Minimizing The Risk of Childhood Food Allergies

Dr. Eric Viegas, ND

Ottawa Holistic Wellness Centre

food allergies child peanut

Q: As a parent of a young child, what steps can I take to reduce the risk of childhood food allergies?


  • Fish Oil consumption during pregnancy may cut the risk of childhood allergies by 30% (1). Researchers in London compiled data from women consuming a daily fish oil capsule from the 20th week of pregnancy until the first 3-4 months of breastfeeding. The consumption of fish oil cut the risk of childhood egg allergy by 30% (1).


fish oil food allergies child


  • Probiotics: eczema risk was cut by 22% in a group of mothers consuming a daily probiotic supplement between 36-38 weeks of pregnancy and the first 3-6 months of breastfeeding (1). However, probiotic supplementation did not appear to reduce the risk of childhood dairy allergy (1).


soap baby food allergies bath


  • Hygiene: Avoid overuse of “baby wipes” and make sure that soap is completely washed off of your baby’s skin. A recent study using mice suggests that disruption of our skin’s top lipid (fat) layer by soaps and allergens can contribute to the development of food allergies in young children with altered genetic mutations in their skin (2). Mice with genetic mutations in their skin barrier that were exposed to common food allergens (eg. peanuts) to their skin over 2 weeks were then fed these allergens by mouth. The mice developed allergic reactions in the intestines, on the exposed skin sites, and suffered anaphylaxis. More research is needed in this area to further clarify how these mechanisms affect humans. Unfortunately, skin barrier mutations are not visible in children until later in life, so minimizing your child’s exposure to harsh chemicals and allergens that may disrupt their skin barrier is a factor in reducing the risk of developing childhood food allergies.



Always consult with your doctor before beginning any new supplement or medication. For more information on the prevention and treatment of childhood allergies, consult with your local naturopathic doctor and/or functional medicine practitioner.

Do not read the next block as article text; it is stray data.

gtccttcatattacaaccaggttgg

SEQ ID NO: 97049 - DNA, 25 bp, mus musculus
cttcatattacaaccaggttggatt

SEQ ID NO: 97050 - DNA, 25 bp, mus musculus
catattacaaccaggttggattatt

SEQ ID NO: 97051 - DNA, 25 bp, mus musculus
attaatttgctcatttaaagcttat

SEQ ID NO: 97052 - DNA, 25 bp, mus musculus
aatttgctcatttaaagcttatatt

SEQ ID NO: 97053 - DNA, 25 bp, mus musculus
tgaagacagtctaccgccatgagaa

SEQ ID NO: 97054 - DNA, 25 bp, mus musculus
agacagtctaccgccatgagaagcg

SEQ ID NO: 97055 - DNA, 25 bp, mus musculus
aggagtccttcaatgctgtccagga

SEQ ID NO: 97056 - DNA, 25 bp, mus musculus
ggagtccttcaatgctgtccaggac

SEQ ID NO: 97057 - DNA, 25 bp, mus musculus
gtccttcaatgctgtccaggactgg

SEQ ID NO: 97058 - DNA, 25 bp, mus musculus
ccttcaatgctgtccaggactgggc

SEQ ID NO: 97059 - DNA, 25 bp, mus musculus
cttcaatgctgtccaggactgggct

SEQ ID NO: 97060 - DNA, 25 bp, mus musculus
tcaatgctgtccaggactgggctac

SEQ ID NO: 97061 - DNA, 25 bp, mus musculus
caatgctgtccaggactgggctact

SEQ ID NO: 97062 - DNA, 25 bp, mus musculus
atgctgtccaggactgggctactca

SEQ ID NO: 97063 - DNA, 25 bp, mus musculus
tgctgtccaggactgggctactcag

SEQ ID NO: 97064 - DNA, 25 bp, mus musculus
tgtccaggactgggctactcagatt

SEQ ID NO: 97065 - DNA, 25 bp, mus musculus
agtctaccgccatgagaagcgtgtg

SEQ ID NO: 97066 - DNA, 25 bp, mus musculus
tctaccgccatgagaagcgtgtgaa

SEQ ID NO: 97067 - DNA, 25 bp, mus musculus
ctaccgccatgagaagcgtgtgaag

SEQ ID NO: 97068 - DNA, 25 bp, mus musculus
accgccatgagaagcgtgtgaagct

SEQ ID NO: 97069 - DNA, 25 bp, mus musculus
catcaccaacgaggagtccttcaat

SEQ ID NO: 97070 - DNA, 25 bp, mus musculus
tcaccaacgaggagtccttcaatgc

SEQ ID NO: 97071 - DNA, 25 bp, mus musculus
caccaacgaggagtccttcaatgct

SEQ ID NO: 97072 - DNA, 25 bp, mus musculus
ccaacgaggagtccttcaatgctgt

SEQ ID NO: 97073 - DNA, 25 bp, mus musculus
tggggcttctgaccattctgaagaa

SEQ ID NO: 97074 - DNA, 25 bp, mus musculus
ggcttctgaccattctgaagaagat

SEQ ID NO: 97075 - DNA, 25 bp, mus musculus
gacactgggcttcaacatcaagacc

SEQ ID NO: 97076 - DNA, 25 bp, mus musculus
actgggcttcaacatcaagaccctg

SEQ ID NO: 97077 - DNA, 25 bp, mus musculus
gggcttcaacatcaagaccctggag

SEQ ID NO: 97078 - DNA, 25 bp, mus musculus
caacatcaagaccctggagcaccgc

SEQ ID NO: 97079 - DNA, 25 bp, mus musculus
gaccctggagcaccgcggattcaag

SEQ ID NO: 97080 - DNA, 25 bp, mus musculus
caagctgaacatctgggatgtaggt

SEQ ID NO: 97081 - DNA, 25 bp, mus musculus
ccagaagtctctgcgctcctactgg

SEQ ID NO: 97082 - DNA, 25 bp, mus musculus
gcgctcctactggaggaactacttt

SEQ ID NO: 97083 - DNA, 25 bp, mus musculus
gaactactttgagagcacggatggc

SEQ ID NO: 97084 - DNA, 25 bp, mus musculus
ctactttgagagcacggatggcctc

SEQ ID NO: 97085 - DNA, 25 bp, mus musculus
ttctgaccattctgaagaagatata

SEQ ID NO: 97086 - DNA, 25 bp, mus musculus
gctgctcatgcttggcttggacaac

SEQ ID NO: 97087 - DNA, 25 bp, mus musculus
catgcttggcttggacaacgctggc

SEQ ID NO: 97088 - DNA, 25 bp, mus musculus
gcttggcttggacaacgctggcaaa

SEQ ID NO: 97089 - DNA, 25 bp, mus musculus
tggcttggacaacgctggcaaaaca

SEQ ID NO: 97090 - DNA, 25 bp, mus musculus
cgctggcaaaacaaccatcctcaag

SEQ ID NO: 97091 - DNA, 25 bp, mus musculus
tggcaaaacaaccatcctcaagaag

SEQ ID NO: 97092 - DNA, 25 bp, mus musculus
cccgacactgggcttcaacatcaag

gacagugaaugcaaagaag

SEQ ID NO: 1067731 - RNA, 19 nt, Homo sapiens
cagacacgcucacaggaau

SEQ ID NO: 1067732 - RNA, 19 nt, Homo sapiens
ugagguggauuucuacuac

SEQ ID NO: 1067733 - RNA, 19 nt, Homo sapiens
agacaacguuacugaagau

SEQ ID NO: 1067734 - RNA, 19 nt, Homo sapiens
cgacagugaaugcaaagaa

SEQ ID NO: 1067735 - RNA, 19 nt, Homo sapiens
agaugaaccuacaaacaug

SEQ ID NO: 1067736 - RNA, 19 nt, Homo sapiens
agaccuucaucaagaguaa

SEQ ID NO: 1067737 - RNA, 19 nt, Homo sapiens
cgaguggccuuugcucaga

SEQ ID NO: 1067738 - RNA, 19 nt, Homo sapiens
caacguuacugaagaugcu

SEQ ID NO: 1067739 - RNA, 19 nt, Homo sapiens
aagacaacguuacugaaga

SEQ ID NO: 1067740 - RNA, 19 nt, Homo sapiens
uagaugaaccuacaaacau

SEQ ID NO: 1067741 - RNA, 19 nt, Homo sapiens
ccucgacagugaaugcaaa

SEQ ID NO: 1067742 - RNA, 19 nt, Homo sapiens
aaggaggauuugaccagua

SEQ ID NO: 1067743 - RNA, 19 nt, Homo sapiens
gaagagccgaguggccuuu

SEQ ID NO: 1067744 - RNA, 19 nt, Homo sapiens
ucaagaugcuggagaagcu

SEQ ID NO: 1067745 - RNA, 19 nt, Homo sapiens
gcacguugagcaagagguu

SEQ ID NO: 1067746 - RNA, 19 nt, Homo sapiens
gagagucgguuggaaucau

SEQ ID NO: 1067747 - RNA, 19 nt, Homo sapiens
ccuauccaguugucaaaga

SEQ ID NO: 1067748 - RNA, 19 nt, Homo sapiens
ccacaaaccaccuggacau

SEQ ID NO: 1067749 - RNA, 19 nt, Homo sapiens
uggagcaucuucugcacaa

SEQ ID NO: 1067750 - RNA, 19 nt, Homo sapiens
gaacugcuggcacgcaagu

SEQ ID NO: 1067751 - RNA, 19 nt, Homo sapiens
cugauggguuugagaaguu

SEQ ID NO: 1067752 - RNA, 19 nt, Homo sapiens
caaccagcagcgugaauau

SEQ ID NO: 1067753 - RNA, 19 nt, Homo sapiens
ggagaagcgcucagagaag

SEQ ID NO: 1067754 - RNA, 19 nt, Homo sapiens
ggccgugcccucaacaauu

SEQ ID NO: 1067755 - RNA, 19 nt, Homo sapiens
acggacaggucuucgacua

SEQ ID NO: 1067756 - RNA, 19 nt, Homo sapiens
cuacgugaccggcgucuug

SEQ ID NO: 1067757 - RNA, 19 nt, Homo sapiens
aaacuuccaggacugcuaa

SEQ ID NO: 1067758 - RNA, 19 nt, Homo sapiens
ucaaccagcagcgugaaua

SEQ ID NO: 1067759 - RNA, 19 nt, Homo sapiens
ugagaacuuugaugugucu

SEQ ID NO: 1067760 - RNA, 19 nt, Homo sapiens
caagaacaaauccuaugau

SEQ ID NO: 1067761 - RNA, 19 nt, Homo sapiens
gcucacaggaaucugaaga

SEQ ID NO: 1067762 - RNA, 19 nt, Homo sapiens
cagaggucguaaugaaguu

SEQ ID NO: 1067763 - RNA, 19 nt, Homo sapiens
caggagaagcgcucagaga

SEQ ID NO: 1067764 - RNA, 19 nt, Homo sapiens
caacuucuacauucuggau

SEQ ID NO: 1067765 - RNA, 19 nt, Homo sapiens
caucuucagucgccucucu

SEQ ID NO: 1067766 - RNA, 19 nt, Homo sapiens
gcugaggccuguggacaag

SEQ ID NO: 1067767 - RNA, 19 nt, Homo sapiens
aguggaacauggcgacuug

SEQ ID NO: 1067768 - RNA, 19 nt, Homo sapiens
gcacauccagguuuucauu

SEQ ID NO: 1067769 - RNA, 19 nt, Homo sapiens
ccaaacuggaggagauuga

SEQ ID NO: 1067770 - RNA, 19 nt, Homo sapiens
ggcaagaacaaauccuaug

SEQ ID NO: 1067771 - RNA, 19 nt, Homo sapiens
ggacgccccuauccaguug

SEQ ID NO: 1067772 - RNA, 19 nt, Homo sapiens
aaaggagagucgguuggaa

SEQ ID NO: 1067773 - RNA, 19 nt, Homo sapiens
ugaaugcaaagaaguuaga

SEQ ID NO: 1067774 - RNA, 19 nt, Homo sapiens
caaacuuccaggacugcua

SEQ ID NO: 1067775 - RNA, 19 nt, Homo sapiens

1. Garcia-Larsen V, Ierodiakonou D, Jarrold K, Cunha S, Chivinge J, et al. (2018) Diet during pregnancy and infancy and risk of allergic or autoimmune disease: A systematic review and meta-analysis. PLOS Medicine 15(2): e1002507.
  2. Matthew T. Walker, Jeremy E. Green, Ryan P. Ferrie, Ashley M. Queener, Mark H. Kaplan, Joan M. Cook-Mills. Mechanism for initiation of food allergy: dependence on skin barrier mutations and environmental allergen costimulation. Journal of Allergy and Clinical Immunology, 2018, ISSN 0091-6749,

10 Common Childhood Rashes and What You Should Know About Them

Dr. Eric Viegas, ND

rash child ottawa naturopath

There are many different types of rashes that children and their parents will encounter throughout their lives.

The following is a list of common rashes, their causes and symptoms, a description of their appearance, and what you can do about them.



  • Contact Dermatitis


Many causes including certain foods, body products, latex, jewelry and poison ivy.


Most incidents of contact dermatitis are mild, start around 48 hours after skin exposure, and resolve when the specific substance is prevented from contacting the skin. A mild reaction will usually result in small red bumps, while a more serious reaction can result in swelling and blisters.


  • Measles


A red, but not itchy, viral rash that is located over most of the child’s body. Children will usually complain of common cold symptoms: fever, sneezing, irritated throat, coughing, swollen glands, red eyes, and loss of appetite. Although preventable with the MMR (measles, mumps, rubella) vaccine, those who choose to forego immunization are at a higher risk of infection. If you believe your child has been infected with measles, please seek medical care immediately.



  • Scarlet Fever


Most common in children ages 2-10 (but infection can occur at any age). A scarlet fever rash is coarse to the touch, and red. It typically presents on the torso first, then spreads to other areas of the body over the course of a couple of days.


Children will typically present with a high fever followed by the rash 24 hours later.